Each year, a coterie of film lovers gathers in the idyllic mountains of Telluride, Colo., over Labor Day weekend for the Telluride Film Festival. The fest, held in a spot nestled comfortably between Cannes and Toronto, has garnered a well-deserved reputation for serving as a starter pistol of sorts for awards season. Last year, for example, Oscar winners The Artist, The Descendants, and A Separation all made their U.S. premieres in Telluride, while previous awards darlings to premiere up in the thin air of the San Juan Mountains include The King’s Speech, Slumdog Millionaire, and Brokeback Mountain.
What really sets the festival apart, however, is the relaxed vibe.
Since the film program isn’t published until the night before it all kicks off, the fest is devoid of prying paparazzi and celebrity gossipmongers. Stars blend in seamlessly with the regulars and usually have their families in tow. You’ll see Jennifer Garner strolling down Main Street with a baby carrier attached to her chest, flanked by her husband, Ben Affleck; or Greta Gerwig and Noah Baumbach throwing back cocktails and shooting the breeze with fans at the New Sheridan Bar following a screening of their film, Frances Ha.
The program is a lean, mean 25 films, which isn’t too overwhelming, and since private donors—many of whom have been contributing to the Telluride Film Festival for years—largely fund the fest, it has managed to avoid the gaudy corporate takeover that’s plagued Sundance.
And the setting is sublime. A rustic-chic silver-mining town of about 2,500 people, Telluride is surrounded on all sides by red-faced mountains. A gondola takes you up and down these mountains to the Chuck Jones Cinema, honoring the late Looney Tunes cartoonist (and Telluride regular). The views are extraordinary.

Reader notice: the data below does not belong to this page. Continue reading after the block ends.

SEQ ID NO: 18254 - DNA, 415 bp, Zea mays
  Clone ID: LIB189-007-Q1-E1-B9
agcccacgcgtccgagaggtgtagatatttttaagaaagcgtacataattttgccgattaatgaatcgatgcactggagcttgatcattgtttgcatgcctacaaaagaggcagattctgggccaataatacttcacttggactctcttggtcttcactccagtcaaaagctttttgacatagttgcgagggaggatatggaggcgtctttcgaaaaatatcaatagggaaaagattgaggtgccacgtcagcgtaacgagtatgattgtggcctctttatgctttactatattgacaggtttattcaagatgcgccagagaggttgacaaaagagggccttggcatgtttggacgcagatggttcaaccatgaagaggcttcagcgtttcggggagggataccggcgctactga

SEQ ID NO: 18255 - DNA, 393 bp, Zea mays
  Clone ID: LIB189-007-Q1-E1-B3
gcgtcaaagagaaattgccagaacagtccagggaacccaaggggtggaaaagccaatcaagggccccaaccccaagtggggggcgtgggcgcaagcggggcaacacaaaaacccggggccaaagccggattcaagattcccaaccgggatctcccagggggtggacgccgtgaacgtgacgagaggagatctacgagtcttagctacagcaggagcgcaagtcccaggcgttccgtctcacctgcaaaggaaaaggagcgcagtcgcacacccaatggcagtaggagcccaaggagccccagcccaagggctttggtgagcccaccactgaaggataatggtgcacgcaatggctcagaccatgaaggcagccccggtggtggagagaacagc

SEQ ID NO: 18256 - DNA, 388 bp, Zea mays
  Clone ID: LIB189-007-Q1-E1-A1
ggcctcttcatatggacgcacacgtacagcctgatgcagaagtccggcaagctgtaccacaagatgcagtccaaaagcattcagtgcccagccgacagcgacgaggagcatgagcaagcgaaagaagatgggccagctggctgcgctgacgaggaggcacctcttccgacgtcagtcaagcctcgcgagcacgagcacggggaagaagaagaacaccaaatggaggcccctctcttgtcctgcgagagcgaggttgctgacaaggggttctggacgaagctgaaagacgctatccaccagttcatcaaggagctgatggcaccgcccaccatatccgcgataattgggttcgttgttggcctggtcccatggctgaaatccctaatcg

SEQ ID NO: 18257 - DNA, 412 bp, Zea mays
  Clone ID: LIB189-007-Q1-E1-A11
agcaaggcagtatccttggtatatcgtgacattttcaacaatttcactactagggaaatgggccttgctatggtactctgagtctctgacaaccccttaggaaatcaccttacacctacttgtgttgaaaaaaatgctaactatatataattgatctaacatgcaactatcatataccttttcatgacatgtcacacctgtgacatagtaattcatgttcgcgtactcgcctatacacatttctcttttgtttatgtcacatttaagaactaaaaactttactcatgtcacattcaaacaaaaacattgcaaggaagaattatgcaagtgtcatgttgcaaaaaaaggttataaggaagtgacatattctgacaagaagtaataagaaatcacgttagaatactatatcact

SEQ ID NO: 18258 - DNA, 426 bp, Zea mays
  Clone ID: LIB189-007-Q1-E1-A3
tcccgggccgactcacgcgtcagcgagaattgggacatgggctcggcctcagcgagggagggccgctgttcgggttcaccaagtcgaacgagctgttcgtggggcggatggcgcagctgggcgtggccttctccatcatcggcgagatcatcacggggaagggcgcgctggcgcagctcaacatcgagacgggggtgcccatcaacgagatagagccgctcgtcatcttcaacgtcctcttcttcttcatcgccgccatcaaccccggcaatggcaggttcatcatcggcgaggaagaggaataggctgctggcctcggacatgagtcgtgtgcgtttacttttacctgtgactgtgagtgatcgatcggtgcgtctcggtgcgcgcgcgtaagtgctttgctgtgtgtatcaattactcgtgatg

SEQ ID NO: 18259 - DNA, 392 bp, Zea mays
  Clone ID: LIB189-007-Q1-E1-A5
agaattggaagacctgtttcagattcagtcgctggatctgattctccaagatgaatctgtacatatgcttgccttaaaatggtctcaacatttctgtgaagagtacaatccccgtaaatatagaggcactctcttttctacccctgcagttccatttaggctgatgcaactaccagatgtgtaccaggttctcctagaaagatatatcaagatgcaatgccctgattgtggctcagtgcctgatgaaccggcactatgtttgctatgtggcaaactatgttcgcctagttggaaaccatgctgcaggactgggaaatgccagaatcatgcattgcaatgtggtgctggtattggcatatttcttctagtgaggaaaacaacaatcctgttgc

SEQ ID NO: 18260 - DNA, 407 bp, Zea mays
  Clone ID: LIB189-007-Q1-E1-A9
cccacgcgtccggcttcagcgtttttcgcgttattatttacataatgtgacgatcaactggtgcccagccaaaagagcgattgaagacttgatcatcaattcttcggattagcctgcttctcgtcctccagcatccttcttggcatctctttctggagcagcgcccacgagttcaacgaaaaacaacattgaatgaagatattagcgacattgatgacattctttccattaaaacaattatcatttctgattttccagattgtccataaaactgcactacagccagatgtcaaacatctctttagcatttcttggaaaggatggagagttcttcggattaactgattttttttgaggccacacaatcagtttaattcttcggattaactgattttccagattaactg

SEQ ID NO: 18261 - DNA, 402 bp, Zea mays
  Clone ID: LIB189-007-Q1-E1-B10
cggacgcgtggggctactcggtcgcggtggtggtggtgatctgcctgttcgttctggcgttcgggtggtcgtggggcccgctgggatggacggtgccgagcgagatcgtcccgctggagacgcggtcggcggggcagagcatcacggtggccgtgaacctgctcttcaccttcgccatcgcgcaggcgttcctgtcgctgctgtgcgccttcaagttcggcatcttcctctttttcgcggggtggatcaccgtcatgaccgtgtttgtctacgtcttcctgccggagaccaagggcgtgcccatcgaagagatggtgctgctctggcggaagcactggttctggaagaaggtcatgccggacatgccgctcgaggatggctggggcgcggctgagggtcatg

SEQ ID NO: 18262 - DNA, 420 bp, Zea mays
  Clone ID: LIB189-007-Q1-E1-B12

“There are tons of film festivals around the world, all of them different, and I’ve been going to them since I was a kid in Mexico,” actor Gael García Bernal told The Daily Beast. “I like being an audience member more than presenting a movie, and this is that kind of festival. It’s just a great place to see movies.”
The 39th annual Telluride Film Festival, which ran Aug. 31 to Sept. 3, offered fans plenty of Oscar bait.
Nobody seemed to have a single bad thing to say about Argo, an ambitious, “based on a declassified true story” CIA thriller from director-star Ben Affleck, which looks like an early lock for a Best Picture Oscar nod. The movie, about a CIA exfiltration expert (Affleck) who’s tasked with extracting six U.S. foreign-service officials/hostages from Iran during the 1979 hostage crisis by having the gang pose as a film crew, is a deft mix of thriller, Hollywood satire, and historical drama. Alan Arkin also provides an award-worthy turn as Lester Siegel, a sardonic, over-the-hill movie mogul who helps in the mission.
“I thought, ‘This is so crazy. If it weren’t true, you just couldn’t make this movie because it would be too ridiculous,’” Affleck told The Daily Beast. “That it was rooted in hard facts made it compelling, and Chris Terrio wrote a really smart screenplay that gave me the chance to weave together three different themes and three different worlds: the CIA, the Hollywood satire, and the Iran tensions.”
If there’s any justice in the world, actress Marion Cotillard will receive her second Oscar nomination—both in the French language, a true rarity—for her poignant turn as a killer-whale trainer who loses her legs in a horrific accident, and then falls for a moody, emotionally detached pugilist, played by Matthias Schoenaerts, in the drama Rust and Bone. The film is helmed by acclaimed French filmmaker Jacques Audiard, who was robbed of a Best Foreign Film Oscar for the 2009 crime saga A Prophet. Perhaps the Academy will redeem itself at this year’s ceremony and honor this masterpiece.